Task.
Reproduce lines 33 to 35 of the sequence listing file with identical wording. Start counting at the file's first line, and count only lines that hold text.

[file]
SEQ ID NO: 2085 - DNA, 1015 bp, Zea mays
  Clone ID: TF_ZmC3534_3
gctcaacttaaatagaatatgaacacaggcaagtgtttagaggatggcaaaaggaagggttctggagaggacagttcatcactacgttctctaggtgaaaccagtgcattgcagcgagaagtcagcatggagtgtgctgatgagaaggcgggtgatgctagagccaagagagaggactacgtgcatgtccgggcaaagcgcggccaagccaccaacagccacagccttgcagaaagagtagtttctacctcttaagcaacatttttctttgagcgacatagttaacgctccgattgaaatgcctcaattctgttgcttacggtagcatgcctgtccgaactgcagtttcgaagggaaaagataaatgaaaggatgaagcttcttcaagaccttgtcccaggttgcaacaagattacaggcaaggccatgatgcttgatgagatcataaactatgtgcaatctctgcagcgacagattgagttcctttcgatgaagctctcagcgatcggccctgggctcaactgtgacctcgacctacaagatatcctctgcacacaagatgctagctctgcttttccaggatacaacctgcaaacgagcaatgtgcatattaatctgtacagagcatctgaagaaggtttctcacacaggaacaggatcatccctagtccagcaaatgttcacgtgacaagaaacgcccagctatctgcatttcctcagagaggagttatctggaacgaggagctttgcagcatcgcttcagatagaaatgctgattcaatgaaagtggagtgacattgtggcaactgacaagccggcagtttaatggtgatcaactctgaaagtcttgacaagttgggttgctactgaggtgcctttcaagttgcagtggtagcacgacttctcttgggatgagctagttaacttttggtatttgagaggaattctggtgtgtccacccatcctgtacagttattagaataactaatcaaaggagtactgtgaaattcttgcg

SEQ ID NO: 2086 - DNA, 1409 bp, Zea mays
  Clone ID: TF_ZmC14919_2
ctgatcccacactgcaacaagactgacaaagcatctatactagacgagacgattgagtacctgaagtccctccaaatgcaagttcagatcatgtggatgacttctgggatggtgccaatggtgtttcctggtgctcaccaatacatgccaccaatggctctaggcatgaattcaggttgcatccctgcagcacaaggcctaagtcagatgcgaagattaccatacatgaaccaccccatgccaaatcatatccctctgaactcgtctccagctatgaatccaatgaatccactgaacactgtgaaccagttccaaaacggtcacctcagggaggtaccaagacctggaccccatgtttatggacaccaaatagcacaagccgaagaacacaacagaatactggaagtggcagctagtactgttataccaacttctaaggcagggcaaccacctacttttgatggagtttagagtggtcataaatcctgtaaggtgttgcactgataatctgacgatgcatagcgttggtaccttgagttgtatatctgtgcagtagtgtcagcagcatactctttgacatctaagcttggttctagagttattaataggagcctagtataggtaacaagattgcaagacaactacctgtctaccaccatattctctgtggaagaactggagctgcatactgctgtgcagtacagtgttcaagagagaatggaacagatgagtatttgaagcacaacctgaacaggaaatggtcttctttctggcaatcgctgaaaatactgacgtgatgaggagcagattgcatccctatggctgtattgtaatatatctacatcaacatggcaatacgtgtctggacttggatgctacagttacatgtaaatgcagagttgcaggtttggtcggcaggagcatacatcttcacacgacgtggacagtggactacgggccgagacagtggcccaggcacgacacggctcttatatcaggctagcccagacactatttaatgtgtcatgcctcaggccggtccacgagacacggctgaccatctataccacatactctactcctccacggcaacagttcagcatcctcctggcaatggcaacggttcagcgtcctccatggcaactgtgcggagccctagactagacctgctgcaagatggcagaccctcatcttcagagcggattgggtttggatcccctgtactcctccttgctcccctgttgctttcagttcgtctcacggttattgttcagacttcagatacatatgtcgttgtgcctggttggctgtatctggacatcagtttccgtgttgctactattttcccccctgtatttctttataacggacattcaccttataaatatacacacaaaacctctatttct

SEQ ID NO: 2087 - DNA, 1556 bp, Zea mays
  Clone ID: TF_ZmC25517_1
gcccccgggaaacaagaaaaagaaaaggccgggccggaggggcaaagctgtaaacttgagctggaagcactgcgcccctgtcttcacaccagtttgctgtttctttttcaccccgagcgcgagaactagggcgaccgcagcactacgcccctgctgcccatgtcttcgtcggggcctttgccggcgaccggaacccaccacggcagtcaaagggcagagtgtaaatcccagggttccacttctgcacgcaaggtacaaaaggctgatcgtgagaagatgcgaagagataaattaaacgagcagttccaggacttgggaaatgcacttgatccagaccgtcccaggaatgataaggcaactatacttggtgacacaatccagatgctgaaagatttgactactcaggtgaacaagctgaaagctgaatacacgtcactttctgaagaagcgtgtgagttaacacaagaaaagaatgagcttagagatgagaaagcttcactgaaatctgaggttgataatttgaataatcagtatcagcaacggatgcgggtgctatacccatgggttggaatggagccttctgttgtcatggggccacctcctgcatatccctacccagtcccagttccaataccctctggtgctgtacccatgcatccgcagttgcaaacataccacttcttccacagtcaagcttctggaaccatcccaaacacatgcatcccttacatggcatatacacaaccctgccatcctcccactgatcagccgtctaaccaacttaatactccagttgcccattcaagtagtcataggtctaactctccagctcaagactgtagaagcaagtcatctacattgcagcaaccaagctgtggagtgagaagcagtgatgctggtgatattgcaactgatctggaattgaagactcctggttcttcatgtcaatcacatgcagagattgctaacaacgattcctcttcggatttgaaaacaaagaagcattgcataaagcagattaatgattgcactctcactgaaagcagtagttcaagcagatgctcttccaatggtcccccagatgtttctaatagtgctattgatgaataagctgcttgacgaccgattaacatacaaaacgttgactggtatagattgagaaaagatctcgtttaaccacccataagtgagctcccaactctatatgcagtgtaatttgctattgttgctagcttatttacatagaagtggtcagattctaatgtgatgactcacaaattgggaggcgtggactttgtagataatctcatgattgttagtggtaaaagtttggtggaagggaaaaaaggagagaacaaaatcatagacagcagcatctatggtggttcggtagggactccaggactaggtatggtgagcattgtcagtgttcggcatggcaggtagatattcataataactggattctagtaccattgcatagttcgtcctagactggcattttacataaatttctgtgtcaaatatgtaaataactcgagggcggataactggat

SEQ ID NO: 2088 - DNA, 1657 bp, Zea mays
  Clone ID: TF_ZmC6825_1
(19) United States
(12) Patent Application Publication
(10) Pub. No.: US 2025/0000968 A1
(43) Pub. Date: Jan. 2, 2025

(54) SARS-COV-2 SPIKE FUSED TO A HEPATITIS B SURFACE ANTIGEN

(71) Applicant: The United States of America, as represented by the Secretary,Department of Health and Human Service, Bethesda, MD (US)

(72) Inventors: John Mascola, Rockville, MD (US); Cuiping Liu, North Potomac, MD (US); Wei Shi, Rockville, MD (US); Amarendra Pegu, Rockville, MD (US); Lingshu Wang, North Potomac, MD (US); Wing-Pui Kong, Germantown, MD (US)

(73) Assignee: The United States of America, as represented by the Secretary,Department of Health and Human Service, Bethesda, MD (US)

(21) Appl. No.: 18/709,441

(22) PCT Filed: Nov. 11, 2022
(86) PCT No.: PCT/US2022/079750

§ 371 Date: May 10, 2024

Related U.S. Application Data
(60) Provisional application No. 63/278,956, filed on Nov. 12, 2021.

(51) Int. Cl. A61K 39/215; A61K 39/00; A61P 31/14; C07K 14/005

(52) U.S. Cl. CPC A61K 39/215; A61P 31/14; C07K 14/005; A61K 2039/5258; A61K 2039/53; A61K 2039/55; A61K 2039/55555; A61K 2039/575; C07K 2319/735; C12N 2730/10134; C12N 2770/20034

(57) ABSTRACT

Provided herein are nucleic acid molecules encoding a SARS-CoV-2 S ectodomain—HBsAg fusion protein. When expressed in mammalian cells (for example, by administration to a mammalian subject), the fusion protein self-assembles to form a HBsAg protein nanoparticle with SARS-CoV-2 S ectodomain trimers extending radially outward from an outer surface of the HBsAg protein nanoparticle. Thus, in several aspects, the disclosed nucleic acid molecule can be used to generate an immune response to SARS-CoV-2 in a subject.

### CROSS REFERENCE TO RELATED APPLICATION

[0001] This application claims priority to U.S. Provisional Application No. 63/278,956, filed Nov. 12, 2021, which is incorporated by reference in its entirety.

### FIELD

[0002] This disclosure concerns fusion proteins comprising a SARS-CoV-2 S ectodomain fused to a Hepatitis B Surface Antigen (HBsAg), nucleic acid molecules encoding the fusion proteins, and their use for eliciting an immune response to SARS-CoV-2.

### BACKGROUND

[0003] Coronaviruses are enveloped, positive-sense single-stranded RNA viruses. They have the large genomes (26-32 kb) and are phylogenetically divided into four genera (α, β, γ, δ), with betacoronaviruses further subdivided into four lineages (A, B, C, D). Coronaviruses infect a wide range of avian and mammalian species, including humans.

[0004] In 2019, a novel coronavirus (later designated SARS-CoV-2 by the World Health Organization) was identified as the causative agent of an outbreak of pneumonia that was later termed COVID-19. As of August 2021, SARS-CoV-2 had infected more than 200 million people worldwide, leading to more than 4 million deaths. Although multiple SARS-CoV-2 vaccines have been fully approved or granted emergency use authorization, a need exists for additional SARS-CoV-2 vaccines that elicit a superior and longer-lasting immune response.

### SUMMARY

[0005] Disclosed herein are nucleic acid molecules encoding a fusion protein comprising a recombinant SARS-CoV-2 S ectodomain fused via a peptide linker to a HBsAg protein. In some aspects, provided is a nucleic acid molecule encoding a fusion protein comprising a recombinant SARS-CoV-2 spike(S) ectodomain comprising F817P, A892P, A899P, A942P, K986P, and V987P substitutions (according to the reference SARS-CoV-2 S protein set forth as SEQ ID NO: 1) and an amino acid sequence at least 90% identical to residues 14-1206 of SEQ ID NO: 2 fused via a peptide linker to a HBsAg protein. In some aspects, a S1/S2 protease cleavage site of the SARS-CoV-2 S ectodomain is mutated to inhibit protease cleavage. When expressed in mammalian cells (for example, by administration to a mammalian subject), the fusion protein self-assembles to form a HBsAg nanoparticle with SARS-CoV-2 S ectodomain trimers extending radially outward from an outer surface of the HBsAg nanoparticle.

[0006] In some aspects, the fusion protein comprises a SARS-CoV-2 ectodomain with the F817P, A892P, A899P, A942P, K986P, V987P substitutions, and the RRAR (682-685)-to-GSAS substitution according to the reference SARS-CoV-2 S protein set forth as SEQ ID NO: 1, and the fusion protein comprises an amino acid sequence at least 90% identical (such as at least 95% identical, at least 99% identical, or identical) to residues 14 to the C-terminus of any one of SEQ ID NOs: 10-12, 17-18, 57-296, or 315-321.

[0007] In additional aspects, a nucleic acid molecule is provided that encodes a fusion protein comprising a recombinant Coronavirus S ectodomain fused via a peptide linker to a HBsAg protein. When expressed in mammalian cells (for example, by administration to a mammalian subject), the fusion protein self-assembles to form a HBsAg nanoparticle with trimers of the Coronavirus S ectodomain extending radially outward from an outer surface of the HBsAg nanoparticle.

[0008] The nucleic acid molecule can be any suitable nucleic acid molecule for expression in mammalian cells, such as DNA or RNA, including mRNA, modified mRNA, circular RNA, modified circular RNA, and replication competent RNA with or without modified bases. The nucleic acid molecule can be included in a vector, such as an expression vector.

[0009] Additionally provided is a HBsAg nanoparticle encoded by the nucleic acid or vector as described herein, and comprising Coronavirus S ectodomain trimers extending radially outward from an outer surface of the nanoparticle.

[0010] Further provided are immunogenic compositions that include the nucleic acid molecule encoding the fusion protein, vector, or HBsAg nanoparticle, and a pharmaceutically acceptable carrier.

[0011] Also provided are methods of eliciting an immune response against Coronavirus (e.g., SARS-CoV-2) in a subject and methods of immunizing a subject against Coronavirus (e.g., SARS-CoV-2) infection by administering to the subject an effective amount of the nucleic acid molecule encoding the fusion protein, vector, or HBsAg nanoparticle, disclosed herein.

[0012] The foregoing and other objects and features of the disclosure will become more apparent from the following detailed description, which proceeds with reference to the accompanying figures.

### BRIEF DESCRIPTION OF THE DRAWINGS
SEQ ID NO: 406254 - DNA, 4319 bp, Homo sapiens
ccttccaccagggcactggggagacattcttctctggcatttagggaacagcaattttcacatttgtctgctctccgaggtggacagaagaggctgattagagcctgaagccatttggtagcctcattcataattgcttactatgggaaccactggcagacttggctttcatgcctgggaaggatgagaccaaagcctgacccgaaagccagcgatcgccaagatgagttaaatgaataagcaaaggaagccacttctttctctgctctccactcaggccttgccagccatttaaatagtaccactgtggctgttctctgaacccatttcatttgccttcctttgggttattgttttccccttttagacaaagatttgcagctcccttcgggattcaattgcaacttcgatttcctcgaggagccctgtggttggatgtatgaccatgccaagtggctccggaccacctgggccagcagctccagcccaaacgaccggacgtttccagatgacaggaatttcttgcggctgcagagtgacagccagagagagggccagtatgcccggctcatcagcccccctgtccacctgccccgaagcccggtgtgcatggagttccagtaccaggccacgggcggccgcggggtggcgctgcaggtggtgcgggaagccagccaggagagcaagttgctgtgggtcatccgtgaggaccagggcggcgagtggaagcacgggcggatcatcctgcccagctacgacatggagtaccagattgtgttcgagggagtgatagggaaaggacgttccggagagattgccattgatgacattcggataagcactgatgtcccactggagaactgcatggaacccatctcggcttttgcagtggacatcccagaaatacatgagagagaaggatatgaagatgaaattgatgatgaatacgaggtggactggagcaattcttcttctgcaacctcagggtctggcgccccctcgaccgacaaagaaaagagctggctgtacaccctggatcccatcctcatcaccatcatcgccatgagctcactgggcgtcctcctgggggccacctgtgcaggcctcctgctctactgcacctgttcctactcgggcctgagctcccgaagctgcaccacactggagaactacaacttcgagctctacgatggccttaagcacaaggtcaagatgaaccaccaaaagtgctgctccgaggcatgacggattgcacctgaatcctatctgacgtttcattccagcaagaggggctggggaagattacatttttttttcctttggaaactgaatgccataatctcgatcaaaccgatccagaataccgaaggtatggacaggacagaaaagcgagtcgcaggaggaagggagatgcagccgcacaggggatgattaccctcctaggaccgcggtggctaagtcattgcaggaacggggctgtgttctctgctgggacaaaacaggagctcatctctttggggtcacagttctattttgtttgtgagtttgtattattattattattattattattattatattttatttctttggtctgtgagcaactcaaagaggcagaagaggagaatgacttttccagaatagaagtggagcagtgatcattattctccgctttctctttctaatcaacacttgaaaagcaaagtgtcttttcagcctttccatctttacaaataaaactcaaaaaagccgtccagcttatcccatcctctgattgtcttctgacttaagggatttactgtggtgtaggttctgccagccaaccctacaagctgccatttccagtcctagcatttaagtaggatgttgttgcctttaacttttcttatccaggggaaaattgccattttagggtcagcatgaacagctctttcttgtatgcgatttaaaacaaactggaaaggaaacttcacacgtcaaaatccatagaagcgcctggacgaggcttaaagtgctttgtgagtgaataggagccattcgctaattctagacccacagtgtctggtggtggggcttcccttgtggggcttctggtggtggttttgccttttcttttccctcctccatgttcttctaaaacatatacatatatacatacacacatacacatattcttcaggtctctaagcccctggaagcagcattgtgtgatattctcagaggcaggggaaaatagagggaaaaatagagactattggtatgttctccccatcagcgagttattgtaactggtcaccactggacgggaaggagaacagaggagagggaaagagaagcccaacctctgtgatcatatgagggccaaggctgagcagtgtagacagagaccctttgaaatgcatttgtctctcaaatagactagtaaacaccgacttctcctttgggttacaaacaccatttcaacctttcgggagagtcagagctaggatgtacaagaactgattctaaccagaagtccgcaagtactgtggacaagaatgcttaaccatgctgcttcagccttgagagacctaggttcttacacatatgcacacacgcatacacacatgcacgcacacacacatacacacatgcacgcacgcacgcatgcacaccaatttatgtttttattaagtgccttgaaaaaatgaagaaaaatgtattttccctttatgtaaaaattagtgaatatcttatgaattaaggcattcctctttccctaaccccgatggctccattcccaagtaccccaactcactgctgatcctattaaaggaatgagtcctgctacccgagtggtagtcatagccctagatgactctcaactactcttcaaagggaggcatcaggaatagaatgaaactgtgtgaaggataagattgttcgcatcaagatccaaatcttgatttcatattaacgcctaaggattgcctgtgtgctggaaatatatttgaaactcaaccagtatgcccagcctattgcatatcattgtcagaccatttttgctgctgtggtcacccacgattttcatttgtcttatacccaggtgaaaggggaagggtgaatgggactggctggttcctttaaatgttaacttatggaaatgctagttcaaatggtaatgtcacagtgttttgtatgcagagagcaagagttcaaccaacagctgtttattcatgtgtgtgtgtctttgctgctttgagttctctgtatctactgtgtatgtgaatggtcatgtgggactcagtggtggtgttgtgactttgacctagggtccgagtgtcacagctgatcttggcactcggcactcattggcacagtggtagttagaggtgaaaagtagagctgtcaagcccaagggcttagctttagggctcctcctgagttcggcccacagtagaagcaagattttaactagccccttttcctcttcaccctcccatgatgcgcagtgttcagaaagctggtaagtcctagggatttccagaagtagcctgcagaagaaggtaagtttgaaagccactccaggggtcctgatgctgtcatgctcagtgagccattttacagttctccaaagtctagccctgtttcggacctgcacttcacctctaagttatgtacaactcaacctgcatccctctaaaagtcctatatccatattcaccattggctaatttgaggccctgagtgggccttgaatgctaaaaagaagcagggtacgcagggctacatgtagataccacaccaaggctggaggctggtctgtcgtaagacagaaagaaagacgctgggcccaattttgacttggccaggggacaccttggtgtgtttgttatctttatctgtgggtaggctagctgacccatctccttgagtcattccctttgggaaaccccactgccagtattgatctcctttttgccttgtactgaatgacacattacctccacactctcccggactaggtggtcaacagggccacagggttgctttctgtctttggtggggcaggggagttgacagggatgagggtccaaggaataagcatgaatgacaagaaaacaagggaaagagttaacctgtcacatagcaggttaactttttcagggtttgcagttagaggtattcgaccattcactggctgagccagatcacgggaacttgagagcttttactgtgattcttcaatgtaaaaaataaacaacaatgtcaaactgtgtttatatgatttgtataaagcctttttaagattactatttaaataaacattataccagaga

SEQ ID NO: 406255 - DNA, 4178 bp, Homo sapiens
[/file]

[0002] This disclosure concerns fusion proteins comprising a SARS-CoV-2 S ectodomain fused to a Hepatitis B Surface Antigen (HBsAg), nucleic acid molecules encoding the fusion proteins, and their use for eliciting an immune response to SARS-CoV-2.

### BACKGROUND

[0003] Coronaviruses are enveloped, positive-sense single-stranded RNA viruses. They have the large genomes (26-32 kb) and are phylogenetically divided into four genera (α, β, γ, δ), with betacoronaviruses further subdivided into four lineages (A, B, C, D). Coronaviruses infect a wide range of avian and mammalian species, including humans.